With all the uncertainty of the spring, perhaps more weight shifts back to last summer when scouts were able to get longer in-person looks. While every team has that information, along with follow reports of players prior to their draft-eligible seasons, the teams that were able to bear down the most early in the process could stand to benefit the most now.
“Oh there were teams Cadillacing,” said the NL area scout. “There were teams who weren’t paying attention, who didn’t take it serious and didn’t turn in a lot of follow reports and thought it was OK ... Some people are in a panic mode. They probably feel like they didn’t get to see everybody, they don’t have looks on people. And then some people will feel confident with the job their area scouts did.
“So now it just depends on those scouting directors, how comfortable they feel. Because this is something that has never happened before and they have to make adjustments on the fly.”
Additionally, the work that’s done to find out who a player is as a person—like assessment of player makeup, work ethic and personality—can’t be done by watching Edgertronic video. If a team doesn’t have that now, they might not ever have it.
"Not being able to do the in-home visits if people hadn’t gotten in there early or didn’t really know guys really well, to me that’s going to be one of the things that really separates (teams),” said an American League area scout. “Obviously with all the data and video and stuff nowadays you can analyze swings and deliveries and all that sort of stuff. But if you don’t have a feel on what kind of makeup a guy has, sometimes that doesn’t reveal itself until the pressure is on in the spring."
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Adjustments will have to be made, particularly with analytical models that increasingly help teams line up their draft boards and make selections. With an entire season basically wiped away, the models will either have to be tweaked, or relied upon less.
“The error bars will be wider, I guess that’s the easiest way to say it,” said the scouting director. “But in some respects not so much … How comfortable we’re going to be with our decisions generally goes hand in hand with the sample size we have. If we have a really small sample size of performance and that performance is maybe against competition we’re not really used to scouting for over the long run there’s inherently more risk in there.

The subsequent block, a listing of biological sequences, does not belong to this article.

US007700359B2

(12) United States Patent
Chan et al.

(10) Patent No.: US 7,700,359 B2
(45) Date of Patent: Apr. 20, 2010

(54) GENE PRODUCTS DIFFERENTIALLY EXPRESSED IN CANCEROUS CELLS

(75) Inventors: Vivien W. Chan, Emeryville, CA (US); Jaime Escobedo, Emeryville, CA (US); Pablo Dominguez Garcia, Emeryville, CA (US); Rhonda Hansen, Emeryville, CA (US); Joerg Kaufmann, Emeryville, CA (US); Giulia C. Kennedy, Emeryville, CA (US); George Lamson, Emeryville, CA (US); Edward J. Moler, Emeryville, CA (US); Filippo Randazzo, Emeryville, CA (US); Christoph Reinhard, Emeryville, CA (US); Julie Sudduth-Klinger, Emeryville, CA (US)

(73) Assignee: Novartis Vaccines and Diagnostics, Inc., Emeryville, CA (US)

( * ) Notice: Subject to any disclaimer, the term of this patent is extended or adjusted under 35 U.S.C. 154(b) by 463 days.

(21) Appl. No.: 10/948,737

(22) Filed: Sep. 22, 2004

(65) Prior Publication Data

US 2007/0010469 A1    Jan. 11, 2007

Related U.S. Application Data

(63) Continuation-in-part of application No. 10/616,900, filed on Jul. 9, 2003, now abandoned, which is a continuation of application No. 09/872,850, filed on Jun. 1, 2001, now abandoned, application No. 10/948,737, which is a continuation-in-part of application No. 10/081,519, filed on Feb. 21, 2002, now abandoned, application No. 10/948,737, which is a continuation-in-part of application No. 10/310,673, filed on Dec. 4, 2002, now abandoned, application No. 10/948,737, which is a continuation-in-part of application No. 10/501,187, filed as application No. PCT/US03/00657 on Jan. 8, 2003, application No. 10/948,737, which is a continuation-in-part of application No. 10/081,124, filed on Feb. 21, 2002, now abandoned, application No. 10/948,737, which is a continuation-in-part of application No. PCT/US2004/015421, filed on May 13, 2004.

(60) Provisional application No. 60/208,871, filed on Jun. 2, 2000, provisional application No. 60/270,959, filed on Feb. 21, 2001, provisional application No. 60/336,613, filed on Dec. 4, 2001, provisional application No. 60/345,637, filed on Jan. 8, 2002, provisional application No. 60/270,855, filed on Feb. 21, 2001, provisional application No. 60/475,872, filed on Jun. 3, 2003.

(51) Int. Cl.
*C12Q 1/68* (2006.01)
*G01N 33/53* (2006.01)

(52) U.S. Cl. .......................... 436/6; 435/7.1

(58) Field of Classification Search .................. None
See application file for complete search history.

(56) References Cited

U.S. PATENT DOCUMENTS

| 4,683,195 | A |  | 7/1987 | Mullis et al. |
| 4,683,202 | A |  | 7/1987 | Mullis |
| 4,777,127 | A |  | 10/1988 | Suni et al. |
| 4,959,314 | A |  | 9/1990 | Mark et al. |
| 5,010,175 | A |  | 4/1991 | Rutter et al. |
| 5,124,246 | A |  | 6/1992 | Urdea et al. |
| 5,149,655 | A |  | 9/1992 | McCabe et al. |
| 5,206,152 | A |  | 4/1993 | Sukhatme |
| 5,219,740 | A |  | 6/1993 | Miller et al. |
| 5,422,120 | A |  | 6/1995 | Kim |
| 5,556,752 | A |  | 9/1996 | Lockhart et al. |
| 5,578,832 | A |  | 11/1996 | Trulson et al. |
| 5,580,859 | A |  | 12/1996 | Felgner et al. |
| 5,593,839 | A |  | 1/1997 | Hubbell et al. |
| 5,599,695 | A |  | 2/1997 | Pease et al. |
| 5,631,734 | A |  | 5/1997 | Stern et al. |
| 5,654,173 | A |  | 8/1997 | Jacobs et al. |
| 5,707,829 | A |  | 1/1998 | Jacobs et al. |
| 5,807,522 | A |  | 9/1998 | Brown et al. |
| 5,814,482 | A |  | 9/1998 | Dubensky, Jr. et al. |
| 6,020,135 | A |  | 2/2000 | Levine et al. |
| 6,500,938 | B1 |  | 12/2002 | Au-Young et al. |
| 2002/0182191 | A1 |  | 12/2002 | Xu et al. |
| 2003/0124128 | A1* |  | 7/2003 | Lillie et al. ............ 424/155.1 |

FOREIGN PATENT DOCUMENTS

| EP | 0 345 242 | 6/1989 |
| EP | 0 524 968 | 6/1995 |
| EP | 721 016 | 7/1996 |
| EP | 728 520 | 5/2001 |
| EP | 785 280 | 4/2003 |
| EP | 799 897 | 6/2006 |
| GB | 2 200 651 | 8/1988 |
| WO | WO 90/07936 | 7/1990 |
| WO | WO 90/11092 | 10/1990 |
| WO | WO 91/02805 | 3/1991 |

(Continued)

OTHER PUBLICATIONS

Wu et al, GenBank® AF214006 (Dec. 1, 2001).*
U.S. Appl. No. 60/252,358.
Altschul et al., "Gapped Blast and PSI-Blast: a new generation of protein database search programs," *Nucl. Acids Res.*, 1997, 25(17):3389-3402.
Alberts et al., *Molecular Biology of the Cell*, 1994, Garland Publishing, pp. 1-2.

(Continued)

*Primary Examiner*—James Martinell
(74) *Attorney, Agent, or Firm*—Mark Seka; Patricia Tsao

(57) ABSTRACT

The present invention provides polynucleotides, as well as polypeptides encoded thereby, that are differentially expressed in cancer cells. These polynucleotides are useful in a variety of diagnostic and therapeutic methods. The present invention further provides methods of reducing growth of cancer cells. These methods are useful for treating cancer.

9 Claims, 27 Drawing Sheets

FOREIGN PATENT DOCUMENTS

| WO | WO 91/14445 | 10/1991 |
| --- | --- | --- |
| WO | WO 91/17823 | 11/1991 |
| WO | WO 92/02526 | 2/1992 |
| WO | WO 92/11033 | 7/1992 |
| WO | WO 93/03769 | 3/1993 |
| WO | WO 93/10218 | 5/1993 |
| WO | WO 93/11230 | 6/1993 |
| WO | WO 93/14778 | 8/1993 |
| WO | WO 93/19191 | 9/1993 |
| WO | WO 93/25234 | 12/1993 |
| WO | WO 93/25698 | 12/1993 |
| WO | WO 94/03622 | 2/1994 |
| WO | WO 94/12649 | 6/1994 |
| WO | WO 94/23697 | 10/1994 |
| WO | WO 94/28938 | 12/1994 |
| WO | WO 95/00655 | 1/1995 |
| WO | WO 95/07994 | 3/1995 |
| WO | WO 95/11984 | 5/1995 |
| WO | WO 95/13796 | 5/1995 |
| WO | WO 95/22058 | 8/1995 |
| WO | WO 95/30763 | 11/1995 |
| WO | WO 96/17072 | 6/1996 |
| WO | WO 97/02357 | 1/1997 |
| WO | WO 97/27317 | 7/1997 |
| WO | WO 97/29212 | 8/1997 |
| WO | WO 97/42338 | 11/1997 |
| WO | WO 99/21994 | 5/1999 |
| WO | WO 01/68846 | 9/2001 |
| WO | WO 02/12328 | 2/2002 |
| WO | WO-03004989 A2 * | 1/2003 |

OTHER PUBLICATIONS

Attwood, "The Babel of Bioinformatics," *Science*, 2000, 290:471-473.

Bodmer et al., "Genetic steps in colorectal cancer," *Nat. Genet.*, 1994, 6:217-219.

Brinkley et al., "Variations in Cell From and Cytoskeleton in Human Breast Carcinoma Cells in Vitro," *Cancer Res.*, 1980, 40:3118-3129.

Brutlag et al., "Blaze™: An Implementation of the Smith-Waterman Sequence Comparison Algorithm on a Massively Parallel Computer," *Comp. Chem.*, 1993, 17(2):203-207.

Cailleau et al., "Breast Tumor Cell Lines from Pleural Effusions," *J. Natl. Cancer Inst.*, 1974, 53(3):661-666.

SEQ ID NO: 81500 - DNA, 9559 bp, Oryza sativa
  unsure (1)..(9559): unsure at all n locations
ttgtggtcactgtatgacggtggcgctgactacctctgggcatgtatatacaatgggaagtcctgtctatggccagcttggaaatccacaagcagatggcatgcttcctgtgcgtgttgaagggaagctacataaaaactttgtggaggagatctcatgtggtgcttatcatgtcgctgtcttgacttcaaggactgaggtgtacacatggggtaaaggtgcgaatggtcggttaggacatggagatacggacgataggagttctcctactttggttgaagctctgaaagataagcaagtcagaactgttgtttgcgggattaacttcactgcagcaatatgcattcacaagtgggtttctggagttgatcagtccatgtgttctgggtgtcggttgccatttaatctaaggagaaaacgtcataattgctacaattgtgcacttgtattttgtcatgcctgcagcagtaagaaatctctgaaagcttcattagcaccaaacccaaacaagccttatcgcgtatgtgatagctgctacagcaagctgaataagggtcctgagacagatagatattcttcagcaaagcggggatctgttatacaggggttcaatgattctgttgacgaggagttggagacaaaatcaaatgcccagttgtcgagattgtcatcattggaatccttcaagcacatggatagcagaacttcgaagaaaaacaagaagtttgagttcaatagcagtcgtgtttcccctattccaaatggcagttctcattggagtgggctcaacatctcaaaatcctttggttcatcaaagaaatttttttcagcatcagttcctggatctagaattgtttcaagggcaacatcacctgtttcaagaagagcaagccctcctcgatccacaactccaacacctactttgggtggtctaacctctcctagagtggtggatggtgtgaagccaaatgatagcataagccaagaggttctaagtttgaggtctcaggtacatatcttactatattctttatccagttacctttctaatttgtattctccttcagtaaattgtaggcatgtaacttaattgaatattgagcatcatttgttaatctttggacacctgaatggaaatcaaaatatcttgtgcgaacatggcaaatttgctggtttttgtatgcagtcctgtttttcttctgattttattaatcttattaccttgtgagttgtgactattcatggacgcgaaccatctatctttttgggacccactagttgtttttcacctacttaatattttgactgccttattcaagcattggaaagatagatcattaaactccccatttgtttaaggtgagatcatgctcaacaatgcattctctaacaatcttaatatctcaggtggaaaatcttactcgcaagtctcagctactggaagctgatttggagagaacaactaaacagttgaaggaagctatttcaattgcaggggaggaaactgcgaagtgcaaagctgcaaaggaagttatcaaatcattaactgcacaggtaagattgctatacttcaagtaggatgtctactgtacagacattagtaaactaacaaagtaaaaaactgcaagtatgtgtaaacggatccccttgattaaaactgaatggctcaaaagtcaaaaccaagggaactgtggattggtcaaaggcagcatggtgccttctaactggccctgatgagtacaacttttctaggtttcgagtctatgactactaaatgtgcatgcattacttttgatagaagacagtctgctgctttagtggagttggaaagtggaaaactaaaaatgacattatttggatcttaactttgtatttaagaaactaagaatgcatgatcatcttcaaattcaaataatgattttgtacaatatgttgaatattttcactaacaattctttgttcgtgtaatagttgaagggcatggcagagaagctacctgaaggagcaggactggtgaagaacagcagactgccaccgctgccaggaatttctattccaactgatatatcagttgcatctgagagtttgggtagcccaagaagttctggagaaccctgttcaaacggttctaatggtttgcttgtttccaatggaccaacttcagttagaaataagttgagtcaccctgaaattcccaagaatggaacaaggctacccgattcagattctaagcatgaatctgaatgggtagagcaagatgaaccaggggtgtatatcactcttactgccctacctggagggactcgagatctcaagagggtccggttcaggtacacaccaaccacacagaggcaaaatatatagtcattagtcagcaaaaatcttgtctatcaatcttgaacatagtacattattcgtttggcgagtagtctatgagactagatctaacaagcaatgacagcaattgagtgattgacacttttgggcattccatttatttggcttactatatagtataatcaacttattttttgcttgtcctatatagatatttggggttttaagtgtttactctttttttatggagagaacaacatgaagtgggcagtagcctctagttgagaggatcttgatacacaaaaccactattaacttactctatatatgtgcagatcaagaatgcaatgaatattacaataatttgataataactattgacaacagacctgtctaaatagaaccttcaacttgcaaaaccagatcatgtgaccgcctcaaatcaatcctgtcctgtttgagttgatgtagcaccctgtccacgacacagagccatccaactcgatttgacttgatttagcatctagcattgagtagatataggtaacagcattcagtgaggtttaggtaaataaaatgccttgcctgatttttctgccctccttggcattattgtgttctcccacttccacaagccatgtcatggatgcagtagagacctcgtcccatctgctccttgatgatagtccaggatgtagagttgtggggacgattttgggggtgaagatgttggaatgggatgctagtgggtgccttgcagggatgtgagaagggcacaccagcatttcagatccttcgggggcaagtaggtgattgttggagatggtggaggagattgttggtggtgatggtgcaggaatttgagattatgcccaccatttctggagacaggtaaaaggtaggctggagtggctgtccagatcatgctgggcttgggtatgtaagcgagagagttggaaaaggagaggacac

“You can almost think of it like a scouting look. If you go and see a kid for four plate appearances in some high school in Alabama and you write up a report and then you see, let’s just say in a different universe, you saw that kid for 45 plate appearances over the summer, there’s obviously inherently more risk in the former example.”
But in a draft year where every pick will be more risky across the board, there are still a few demographics that could be affected more than others. High school players in the northern part of the country who had barely gotten onto the field—or never did at all—come to mind. Preps who pop up late in the process, like Rays second-rounder David Mercado back in 2017, won’t have the chance to do that this year.
College performers who benefit from their long track record of statistical success but lack the tools to make scouts drool won’t have a lengthy body of work to show. College relievers who are always more difficult for crosscheckers and directors to get looks on haven’t been seen.
In a typical year all of these problems would be easy to deal with. Just bide your team and the players will pop up. Eventually, the reliever will take the mound when the right eyes are at the field. After four months of baseball, the computer in the office will print out a detailed statistical assessment of every player you’re considering taking. Unfortunately, 2020 has turned out to be far from typical.
The one bright spot for teams? Everyone else is in the same boat.
“By and large most teams are going to be on equal playing fields. If the draft date doesn’t end up changing I don’t think it’s the biggest deal in the world," said the American League scouting director. "Obviously it’ll make our jobs a little bit tougher … We’re confident that we’ll be able to do a really good job.
“We understand that every other team is facing the same issue. We’re all facing an even playing field.”